‘On the Road to Fukushima’

When I was invited a couple of years ago to contribute a chapter for the book Censored 2013, published by the media watch/media literacy group Project Censored in the United States, I knew exactly what angle I wanted to take in writing it.

The nuclear power plant meltdown at Fukushima, Japan on 11 March 2011 immediately raised a lot of questions in the Japanese and overseas press that focused on the urgency of the accident: How serious is it? What levels of radiation are being released? What precautions should people take in protecting themselves? What measures are being taken to contain the crisis?, and so on.

But as time went on, I found that there was one pressing question that the news media in Japan, in particular, seemed to be missing altogether: How did we get here?

I set out to find the answer to that question as the central focus of my chapter for the Project Censored book. Why? Because I strongly felt that if we all were going to understand what was happening at that very moment at Fukushima, and if were to understand the likely course this catastrophe would take in the future, then we would first need to understand the past. We would need to know the historical road that Japan had taken, from the atomic bombings of Nagasaki and Hiroshima back in 1945, all the way up to Fukushima more than 65 years later.

And so the essay I researched and wrote became “On the Road to Fukushima: The Unreported Story Behind Japan’s Nuclear-Media-Industrial Complex” — a history so full of information, covered-up facts and unreported truths that it seemed amazing even to me that such a history had not been compiled before in the news media, at least not in one place at one time.

But then again, it shouldn’t have been too surprising, since central to the history of Fukushima had been the media establishment’s role in both countries in promoting nuclear power and the “peaceful use” of atomic energy during the Cold War period following World War II. And as we all know, the news media can be kind of shy, shall we say, about reporting the dubious things that go on right within news companies and inside the news industry as a whole.

I am proud to announce that Project Censored, recognizing the critical problem of increasing censorship of media and nuclear power issues in Japan, has just republished my contributed chapter “On the Road to Fukushima” in its entirety on the Project Censored website.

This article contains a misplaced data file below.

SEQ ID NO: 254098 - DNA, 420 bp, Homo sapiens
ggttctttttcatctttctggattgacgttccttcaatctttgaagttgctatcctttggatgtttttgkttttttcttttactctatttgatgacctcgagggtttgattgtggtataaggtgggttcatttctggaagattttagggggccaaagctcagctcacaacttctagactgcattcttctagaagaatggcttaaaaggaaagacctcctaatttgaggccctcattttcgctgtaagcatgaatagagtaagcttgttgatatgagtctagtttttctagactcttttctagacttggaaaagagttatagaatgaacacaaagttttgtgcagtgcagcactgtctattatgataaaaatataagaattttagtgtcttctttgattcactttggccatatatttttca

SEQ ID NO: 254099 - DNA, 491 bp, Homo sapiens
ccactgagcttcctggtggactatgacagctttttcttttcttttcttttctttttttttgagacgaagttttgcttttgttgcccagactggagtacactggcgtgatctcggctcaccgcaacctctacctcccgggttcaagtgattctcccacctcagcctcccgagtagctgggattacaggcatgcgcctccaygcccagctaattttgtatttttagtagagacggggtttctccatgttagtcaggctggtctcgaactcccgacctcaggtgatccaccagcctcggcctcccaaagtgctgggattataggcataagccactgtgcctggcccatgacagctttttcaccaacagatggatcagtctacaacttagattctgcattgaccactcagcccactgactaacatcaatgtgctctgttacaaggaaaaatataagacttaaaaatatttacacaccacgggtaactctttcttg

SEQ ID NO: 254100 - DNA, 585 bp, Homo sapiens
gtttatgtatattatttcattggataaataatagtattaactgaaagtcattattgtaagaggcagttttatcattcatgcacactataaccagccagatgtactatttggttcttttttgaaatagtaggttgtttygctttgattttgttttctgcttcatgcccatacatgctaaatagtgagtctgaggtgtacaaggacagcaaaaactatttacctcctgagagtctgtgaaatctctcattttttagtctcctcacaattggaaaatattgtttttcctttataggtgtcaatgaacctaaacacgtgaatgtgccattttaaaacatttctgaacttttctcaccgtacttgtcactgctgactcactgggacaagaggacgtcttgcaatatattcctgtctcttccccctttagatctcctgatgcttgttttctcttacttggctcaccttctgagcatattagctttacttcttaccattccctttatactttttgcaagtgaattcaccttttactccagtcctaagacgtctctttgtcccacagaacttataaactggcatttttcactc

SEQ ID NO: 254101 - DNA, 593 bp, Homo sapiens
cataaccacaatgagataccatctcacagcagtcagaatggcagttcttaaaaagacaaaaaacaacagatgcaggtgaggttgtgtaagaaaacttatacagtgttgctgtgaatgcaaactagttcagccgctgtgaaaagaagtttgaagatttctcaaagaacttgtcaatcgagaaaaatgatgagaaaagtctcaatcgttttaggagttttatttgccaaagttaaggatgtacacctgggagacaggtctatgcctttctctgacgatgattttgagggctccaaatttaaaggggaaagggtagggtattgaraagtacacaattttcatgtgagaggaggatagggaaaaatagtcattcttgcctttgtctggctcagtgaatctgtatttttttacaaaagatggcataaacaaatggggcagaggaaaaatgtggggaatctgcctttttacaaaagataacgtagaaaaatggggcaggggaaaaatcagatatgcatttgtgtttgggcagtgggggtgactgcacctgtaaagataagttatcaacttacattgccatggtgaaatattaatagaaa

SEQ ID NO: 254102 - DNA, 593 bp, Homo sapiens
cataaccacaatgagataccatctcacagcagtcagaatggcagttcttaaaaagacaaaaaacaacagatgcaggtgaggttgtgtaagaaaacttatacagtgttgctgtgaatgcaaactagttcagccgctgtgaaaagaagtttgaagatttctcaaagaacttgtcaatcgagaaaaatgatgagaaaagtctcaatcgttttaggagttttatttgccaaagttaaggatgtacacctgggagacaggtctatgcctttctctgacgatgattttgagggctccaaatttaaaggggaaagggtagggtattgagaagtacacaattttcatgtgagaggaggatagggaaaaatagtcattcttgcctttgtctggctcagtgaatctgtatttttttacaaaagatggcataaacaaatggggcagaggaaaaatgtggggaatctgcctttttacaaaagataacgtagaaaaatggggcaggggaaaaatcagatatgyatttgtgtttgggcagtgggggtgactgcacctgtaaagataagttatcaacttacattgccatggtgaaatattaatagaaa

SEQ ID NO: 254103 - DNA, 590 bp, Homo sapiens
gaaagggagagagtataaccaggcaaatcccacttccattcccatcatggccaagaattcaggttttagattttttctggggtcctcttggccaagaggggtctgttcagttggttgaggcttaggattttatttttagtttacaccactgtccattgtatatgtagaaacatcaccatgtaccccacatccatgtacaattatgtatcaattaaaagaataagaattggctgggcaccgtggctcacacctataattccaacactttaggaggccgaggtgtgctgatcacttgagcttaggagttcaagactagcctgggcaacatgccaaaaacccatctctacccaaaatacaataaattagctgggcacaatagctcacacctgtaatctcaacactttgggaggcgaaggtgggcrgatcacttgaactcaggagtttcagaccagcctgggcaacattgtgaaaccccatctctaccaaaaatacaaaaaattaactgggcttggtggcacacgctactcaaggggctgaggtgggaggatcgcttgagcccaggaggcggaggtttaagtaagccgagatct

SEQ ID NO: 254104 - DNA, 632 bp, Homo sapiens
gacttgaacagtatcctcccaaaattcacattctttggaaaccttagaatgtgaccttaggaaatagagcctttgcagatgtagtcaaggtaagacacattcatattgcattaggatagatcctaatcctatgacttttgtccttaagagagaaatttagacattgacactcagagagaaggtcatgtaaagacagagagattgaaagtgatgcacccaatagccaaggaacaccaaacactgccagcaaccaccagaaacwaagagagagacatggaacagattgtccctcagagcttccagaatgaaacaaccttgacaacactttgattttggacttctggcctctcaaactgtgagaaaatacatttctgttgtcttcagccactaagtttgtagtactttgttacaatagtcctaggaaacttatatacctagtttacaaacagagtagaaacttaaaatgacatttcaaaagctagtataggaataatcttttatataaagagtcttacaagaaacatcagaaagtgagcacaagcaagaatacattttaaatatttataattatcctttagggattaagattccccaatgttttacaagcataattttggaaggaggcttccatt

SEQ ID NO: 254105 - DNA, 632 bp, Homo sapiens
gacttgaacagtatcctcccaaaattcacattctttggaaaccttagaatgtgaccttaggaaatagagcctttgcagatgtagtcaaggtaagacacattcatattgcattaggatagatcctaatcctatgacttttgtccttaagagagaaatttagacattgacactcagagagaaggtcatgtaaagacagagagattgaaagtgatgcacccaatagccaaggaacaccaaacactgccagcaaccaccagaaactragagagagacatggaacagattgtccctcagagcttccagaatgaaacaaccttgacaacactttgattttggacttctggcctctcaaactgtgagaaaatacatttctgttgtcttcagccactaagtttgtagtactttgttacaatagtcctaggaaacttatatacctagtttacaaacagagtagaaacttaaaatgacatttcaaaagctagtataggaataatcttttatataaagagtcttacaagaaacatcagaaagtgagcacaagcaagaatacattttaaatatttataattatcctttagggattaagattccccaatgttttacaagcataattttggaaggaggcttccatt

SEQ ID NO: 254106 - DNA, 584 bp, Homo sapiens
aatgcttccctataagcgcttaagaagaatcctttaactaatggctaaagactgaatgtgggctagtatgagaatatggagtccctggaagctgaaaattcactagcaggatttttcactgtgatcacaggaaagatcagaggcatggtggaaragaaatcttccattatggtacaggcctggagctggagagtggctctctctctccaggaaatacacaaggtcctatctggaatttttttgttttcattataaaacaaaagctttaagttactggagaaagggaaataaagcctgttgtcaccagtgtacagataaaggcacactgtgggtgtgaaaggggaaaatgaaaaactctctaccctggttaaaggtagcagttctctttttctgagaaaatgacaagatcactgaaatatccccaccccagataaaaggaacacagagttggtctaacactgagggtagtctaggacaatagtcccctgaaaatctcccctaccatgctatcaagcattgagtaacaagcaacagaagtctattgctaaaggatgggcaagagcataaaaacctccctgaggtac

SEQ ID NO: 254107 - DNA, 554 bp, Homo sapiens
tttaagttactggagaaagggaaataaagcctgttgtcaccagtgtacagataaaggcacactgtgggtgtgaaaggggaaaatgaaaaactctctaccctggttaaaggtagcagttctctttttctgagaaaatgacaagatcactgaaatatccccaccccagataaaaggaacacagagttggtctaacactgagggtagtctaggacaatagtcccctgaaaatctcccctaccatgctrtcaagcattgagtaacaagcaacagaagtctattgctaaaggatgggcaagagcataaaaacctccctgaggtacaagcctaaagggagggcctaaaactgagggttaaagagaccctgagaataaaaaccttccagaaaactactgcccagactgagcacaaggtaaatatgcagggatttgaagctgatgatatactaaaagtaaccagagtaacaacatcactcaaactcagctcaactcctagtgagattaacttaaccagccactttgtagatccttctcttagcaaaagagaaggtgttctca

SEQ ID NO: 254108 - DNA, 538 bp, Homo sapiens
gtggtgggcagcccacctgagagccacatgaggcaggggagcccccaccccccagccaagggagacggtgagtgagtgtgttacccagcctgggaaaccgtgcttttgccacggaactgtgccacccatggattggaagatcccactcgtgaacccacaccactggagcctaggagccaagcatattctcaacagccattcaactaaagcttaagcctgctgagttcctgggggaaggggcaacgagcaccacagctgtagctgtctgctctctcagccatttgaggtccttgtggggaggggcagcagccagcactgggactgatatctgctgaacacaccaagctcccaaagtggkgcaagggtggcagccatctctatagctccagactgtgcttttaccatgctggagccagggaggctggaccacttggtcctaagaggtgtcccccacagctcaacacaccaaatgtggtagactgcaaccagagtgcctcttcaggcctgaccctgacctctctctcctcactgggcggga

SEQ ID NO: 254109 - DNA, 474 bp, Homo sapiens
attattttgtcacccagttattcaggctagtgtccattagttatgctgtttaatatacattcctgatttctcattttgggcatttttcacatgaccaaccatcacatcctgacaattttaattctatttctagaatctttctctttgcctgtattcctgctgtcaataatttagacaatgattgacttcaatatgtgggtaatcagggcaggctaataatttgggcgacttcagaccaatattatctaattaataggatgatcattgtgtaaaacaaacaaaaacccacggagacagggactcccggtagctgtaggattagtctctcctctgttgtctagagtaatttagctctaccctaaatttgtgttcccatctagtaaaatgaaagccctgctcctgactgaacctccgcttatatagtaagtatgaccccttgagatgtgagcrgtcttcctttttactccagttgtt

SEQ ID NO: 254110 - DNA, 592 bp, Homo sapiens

That “Road to Fukushima” chapter now on the Web is preceded by a brief update/introduction by me on the ongoing Fukushima nuclear crisis and related press censorship issues here in Japan. You can link to both the update and the main story here.

I encourage you, first, to read both the Fukushima update and the main essay itself, if you are interested in gaining an understanding of how we got to this point at Fukushima, and why. At the same time, I also encourage you to support the important work of the nonprofit organization Project Censored by purchasing the original Censored 2013 book in which this Fukushima essay appeared, since there are so many other important related “censored” stories covered in the book as well. You can buy the Censored 2013 book here, if you so wish.

Hats off to all the good folks at Project Censored — and at the New York-based Seven Stories Press, the company that prints and distributes the yearly Censored books — for carrying on the torch of press freedom and for standing up for our shared right to know things that those in authority would rather keep hidden from us. In these critical times, we all have a role to play in fighting the good fight by doing whatever we can, whenever we can, in demanding to know the truth and in sharing that truth with many others.

I welcome your comments (below), whether for or against the “On the Road to Fukushima” chapter, and look forward to the chance of further extending this important discussion with readers here on this website and beyond.

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